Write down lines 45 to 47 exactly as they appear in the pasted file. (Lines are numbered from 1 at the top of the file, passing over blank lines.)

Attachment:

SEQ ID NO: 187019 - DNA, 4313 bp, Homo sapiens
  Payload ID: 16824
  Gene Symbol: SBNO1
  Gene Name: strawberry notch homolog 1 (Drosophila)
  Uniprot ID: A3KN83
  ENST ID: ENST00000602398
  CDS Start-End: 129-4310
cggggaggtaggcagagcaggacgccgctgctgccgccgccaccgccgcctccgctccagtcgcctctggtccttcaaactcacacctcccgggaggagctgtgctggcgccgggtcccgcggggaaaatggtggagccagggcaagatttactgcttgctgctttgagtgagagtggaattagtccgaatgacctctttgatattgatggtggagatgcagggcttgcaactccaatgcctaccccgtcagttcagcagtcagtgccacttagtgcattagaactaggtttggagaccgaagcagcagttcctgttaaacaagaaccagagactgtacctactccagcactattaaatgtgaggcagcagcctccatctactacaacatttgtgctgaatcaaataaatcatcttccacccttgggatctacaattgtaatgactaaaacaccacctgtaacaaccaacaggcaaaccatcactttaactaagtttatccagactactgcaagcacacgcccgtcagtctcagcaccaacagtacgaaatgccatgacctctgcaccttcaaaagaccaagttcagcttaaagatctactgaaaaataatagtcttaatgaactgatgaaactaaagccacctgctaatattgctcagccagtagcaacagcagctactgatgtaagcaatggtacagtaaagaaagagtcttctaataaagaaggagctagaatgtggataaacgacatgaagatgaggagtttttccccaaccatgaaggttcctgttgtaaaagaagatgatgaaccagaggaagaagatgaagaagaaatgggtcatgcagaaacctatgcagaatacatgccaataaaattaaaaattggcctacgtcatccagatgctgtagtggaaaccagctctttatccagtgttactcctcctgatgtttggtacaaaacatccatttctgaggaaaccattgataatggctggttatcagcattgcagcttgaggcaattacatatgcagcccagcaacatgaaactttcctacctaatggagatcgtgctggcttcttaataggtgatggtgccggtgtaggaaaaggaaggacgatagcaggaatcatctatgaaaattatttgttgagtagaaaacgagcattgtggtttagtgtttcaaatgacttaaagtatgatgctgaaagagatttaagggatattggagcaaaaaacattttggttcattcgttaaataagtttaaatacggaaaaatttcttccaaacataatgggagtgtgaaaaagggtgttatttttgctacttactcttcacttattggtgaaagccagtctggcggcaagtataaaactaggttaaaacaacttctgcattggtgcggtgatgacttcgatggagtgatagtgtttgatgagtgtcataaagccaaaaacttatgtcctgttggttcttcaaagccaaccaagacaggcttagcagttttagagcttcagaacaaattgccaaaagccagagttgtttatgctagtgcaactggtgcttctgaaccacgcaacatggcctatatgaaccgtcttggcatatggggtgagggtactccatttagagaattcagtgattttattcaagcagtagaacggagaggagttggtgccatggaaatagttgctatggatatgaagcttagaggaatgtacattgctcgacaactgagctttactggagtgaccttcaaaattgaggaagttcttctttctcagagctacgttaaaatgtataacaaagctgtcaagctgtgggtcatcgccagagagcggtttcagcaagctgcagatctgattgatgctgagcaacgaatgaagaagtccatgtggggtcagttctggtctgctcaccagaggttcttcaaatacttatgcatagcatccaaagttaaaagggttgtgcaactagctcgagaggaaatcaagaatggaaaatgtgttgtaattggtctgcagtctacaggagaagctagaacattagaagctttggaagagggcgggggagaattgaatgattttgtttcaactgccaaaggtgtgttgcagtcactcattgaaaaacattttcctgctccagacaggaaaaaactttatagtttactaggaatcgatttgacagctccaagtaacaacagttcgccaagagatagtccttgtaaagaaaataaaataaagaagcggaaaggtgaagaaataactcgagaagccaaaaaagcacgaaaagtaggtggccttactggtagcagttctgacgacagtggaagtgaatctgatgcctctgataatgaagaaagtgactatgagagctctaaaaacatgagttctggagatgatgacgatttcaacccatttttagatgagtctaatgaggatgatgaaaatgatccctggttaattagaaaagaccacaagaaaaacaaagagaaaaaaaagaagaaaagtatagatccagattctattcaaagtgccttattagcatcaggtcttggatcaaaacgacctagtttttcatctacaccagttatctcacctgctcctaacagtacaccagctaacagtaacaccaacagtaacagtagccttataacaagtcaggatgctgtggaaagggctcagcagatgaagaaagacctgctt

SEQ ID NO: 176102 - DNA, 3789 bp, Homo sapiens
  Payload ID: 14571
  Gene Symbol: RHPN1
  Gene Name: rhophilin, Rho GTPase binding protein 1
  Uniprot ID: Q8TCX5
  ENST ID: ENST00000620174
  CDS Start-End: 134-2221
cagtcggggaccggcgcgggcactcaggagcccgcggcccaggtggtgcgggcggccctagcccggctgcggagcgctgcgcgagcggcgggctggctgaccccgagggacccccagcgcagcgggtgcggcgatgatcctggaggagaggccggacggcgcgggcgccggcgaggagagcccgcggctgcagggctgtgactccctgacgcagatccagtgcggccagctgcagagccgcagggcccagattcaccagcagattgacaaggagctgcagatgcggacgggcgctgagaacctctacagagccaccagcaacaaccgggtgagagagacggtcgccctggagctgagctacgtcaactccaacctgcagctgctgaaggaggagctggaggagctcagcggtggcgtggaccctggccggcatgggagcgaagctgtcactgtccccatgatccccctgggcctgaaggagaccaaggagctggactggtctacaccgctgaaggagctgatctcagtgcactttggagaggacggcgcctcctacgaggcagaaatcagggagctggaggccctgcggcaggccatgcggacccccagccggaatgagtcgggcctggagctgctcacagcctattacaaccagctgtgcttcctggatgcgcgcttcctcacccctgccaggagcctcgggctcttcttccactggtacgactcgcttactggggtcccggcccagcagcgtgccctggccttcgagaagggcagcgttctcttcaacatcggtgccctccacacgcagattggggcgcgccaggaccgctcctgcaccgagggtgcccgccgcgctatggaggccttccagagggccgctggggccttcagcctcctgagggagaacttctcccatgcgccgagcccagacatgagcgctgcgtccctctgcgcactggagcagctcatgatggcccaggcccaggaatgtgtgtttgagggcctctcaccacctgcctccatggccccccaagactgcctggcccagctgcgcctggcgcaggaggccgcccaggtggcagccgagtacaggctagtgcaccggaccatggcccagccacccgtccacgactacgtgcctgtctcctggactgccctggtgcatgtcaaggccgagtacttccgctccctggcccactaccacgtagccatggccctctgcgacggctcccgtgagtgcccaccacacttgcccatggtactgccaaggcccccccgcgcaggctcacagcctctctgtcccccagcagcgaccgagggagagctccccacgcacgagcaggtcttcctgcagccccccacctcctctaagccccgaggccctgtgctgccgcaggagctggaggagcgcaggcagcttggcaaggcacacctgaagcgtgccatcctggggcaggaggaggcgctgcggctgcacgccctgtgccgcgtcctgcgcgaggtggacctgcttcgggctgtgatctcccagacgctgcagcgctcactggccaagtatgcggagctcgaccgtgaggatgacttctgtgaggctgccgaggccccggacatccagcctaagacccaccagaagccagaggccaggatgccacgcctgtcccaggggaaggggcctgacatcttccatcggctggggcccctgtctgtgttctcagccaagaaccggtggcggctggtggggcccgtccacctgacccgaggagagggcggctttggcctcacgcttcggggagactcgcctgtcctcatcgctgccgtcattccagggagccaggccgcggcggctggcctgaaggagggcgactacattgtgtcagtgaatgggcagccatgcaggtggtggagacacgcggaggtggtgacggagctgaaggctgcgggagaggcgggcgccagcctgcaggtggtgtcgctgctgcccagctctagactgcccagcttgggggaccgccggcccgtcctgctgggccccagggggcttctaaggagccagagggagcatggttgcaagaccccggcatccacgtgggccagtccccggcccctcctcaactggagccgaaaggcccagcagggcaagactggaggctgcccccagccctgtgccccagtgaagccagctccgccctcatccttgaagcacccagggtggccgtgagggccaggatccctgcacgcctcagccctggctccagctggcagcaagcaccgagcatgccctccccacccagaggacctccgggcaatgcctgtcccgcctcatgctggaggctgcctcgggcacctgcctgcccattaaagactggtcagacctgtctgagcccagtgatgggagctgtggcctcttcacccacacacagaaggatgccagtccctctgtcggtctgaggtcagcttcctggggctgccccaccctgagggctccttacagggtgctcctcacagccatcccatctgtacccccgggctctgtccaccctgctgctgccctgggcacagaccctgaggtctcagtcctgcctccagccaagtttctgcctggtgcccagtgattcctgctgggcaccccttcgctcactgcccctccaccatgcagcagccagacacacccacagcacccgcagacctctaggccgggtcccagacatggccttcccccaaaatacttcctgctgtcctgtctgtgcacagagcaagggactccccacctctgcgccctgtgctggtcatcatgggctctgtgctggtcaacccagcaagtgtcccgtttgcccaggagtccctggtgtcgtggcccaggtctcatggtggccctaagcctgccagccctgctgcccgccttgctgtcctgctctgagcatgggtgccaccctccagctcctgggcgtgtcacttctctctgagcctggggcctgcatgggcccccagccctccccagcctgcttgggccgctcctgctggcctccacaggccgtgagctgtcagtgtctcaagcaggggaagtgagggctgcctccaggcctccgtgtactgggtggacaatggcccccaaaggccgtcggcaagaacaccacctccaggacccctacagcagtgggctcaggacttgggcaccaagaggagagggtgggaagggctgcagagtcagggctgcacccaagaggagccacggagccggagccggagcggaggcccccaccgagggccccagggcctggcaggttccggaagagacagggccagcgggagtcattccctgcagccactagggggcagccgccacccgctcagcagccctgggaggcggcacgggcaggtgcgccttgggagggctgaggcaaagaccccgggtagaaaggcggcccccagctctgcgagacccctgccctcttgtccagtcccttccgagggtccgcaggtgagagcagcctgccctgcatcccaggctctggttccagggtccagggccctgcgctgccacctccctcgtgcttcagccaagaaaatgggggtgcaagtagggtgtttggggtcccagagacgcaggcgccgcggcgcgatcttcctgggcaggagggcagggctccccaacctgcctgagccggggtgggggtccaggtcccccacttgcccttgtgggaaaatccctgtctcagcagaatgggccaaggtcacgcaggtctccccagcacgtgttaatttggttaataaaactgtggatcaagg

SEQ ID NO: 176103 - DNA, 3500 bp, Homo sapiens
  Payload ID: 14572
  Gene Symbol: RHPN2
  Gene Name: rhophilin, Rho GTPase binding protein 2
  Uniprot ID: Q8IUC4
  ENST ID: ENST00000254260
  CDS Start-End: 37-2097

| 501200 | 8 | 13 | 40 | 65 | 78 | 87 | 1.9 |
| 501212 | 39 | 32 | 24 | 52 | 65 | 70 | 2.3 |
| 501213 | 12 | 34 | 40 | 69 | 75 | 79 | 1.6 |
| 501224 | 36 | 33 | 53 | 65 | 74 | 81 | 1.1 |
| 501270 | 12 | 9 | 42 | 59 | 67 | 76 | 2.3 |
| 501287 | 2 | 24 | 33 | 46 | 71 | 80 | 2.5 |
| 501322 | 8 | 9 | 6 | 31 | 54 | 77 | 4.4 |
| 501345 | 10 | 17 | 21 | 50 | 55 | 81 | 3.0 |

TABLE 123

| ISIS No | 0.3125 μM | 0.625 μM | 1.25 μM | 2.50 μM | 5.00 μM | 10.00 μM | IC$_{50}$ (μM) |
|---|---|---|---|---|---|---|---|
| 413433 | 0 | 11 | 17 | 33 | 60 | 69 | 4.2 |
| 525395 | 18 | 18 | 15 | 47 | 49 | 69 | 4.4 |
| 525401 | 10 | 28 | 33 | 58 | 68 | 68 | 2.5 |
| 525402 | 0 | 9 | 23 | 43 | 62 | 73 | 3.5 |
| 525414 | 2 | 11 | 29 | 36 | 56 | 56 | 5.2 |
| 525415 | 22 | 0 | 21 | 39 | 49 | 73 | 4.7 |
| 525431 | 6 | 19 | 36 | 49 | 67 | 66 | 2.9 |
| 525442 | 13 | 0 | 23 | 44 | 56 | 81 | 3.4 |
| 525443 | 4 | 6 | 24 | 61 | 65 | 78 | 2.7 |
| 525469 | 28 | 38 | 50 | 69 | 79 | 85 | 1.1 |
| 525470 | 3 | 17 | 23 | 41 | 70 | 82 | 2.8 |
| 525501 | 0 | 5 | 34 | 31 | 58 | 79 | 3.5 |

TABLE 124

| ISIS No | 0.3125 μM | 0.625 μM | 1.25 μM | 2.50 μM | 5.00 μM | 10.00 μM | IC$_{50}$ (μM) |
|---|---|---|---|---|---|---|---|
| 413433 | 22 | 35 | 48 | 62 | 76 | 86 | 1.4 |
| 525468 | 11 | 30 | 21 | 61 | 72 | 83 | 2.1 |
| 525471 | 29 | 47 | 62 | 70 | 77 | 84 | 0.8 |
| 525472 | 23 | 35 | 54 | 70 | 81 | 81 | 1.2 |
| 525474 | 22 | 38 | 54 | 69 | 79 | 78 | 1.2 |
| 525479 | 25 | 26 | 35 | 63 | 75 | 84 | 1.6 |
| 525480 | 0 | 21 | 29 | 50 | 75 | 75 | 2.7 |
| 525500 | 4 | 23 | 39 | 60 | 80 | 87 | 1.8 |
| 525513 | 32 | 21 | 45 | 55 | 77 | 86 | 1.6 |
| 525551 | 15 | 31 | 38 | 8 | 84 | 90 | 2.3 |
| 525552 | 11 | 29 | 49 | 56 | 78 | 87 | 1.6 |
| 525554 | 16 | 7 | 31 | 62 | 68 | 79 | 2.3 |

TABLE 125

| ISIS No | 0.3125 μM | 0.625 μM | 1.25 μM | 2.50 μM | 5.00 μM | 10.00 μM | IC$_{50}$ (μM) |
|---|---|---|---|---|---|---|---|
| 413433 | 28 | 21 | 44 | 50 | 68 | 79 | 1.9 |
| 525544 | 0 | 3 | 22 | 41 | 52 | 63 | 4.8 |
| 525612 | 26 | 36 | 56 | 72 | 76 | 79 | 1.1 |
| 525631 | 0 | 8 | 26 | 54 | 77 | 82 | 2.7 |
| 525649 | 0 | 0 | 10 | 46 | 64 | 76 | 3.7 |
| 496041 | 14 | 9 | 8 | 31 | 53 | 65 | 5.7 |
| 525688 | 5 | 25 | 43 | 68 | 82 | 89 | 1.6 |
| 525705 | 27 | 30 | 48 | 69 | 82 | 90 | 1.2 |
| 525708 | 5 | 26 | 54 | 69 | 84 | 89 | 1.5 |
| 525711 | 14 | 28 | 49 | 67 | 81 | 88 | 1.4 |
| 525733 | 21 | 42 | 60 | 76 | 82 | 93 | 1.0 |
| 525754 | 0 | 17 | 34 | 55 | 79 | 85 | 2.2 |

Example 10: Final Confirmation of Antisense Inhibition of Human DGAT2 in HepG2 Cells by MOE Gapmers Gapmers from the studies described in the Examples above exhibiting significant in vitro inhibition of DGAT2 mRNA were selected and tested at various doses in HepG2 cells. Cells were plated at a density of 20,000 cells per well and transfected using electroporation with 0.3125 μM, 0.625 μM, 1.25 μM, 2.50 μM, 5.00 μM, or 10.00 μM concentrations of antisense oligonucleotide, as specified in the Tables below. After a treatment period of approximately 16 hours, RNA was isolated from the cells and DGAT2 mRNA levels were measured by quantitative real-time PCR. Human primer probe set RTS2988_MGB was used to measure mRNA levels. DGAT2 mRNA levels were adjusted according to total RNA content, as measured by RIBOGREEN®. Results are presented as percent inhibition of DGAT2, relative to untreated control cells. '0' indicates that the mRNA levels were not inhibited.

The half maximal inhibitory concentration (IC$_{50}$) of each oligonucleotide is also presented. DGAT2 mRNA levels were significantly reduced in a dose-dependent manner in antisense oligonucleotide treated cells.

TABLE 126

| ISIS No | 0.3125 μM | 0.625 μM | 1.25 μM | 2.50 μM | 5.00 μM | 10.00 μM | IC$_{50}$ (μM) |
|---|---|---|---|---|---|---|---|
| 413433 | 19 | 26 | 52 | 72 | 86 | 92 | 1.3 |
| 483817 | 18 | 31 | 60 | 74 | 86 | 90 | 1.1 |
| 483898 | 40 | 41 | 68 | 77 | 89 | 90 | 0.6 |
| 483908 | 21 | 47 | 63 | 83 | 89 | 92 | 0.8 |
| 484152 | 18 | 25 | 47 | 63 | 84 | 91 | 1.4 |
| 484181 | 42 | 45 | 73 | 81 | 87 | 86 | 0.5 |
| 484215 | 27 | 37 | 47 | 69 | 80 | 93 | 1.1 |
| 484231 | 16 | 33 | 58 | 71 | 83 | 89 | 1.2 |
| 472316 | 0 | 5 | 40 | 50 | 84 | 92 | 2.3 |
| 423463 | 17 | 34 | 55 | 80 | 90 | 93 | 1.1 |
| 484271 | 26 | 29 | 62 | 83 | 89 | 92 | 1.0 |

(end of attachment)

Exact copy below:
| 525470 | 3 | 17 | 23 | 41 | 70 | 82 | 2.8 |
| 525501 | 0 | 5 | 34 | 31 | 58 | 79 | 3.5 |

TABLE 124